Category Archives: Clean Energy

Charlotte NC Editorial Opposes Pipeline

An editorial in the Charlotte NC News & Observer, published on November 18, 2017, says the ACP will slow conversion to renewable energy.

“The pipeline will not be a lifeline for eastern North Carolina. It will instead delay Duke from more urgently converting to renewable sources. This is not a theoretical issue. Eastern North Carolina has felt the flooding from hurricanes intensified by global warming, and it is feeling the encroachment of rising sea levels. What’s in eastern North Carolina’s best interest with regard to energy sources is the same as what’s in the world’s best interest. Build more wind turbines and solar arrays and encourage the rapidly improving battery technology for storing solar power. Those steps – not running a 50-foot wide swath through eastern North Carolina for the pipeline – represent the best path for the state’s energy future.”

McAuliffe’s Folly: The Atlantic “Trump” Pipeline


The November 12, 2017, Huffington Post asks, “Is outgoing Virginia Governor Terry McAuliffe a climate change denier?” It notes that just asking the question “is bound to offend the governor and some of his supporters,” who list his efforts to reduce emissions and his very recent return from the 23rd United Nations Climate Change Conference (COP23), where he signed a Memorandum of Understanding committing Virginia to reduce carbon emissions (after he leaves office) as part of the Under2Coalition.

But, the article continues, “Never mind that close observers have called McAuliffe’s record on climate change ‘abysmal’ and ‘marred by contradictions and empty rhetoric,'” that by joining in November 2017 Virginia came very late to the Under2Coalition, formed in May 2015 and already including 180 jurisdictions. And “never mind that McAuliffe has spent the past three years as the state’s biggest cheerleader for two massive and controversial fracked gas pipelines, that, according to recent estimates, will produce greenhouse gases equivalent to that produced by 45 coal fired plants or 158 million metric tons per year, more than doubling Virginia’s carbon footprint.”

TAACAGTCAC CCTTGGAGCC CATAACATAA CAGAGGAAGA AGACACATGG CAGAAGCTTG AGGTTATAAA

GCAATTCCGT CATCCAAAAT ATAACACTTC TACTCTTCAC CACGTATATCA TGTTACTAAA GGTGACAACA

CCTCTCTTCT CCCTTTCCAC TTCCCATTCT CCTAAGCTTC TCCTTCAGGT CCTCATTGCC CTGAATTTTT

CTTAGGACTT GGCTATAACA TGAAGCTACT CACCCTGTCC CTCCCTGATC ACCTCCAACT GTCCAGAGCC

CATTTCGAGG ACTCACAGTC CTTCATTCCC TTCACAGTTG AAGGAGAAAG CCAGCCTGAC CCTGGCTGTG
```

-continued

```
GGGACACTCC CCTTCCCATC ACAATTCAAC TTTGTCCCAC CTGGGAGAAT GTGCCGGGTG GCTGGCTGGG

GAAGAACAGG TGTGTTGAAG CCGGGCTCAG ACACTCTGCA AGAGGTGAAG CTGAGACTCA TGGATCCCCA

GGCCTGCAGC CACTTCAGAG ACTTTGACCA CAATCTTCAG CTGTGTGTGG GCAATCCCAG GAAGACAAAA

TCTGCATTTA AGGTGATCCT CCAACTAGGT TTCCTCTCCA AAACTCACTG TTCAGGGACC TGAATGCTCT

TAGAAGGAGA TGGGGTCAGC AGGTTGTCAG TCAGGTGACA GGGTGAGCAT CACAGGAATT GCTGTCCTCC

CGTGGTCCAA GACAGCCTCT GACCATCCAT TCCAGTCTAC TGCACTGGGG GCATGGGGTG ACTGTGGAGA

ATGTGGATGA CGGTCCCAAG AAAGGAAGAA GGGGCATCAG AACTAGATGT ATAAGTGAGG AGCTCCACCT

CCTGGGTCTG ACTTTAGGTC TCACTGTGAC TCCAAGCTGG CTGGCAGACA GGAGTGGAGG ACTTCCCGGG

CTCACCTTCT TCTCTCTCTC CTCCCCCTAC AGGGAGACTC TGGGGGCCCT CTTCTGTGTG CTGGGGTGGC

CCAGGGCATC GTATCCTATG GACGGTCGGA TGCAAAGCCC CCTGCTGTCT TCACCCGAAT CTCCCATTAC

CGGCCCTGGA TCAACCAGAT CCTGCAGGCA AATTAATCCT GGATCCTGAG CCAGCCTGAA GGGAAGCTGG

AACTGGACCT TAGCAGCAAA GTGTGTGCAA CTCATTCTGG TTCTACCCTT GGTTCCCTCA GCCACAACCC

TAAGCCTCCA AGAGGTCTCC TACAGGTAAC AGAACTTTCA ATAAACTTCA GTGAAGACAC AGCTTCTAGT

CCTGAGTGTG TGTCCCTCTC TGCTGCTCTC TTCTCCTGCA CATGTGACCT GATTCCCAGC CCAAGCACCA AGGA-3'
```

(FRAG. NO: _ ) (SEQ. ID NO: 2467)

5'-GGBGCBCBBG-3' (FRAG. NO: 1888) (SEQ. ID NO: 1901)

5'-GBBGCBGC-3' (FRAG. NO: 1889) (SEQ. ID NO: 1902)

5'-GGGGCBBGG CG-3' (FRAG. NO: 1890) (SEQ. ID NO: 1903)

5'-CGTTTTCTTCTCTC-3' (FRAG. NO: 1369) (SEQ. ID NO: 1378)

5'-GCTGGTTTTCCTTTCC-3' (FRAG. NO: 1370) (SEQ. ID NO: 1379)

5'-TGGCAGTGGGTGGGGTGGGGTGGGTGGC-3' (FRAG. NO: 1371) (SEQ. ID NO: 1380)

The article goes on to discuss

  • A Moment of Choice for Virginia and Terry McAuliffe – How the Water Control Board hearings in December are an opportunity for “an historic choice for climate change action – or climate change denial” as McAuliffe, after belatedly signing on to the Under2Coalition, is “trying to write the final chapter of his gubernatorial narrative – or the preface to his next campaign.” But, “If these pipelines are approved, Terry McAuliffe will forever be where any Democratic politician does not want to be, particularly in a Democratic primary – firmly on the side of climate change denier in chief Donald Trump.”
  • The Atlantic “Trump” Pipeline – Less than a week after taking office, Trump released a list of top 50 domestic priorities, including the Atlantic Coast Pipeline, saying the permitting process was done. Actual fact, of course, is that the process is not done, and since January “the public debate and the legal, regulatory and political terrains have shifted decidedly against these pipelines. The tide has started to turn – and smart politicians are catching on fast.”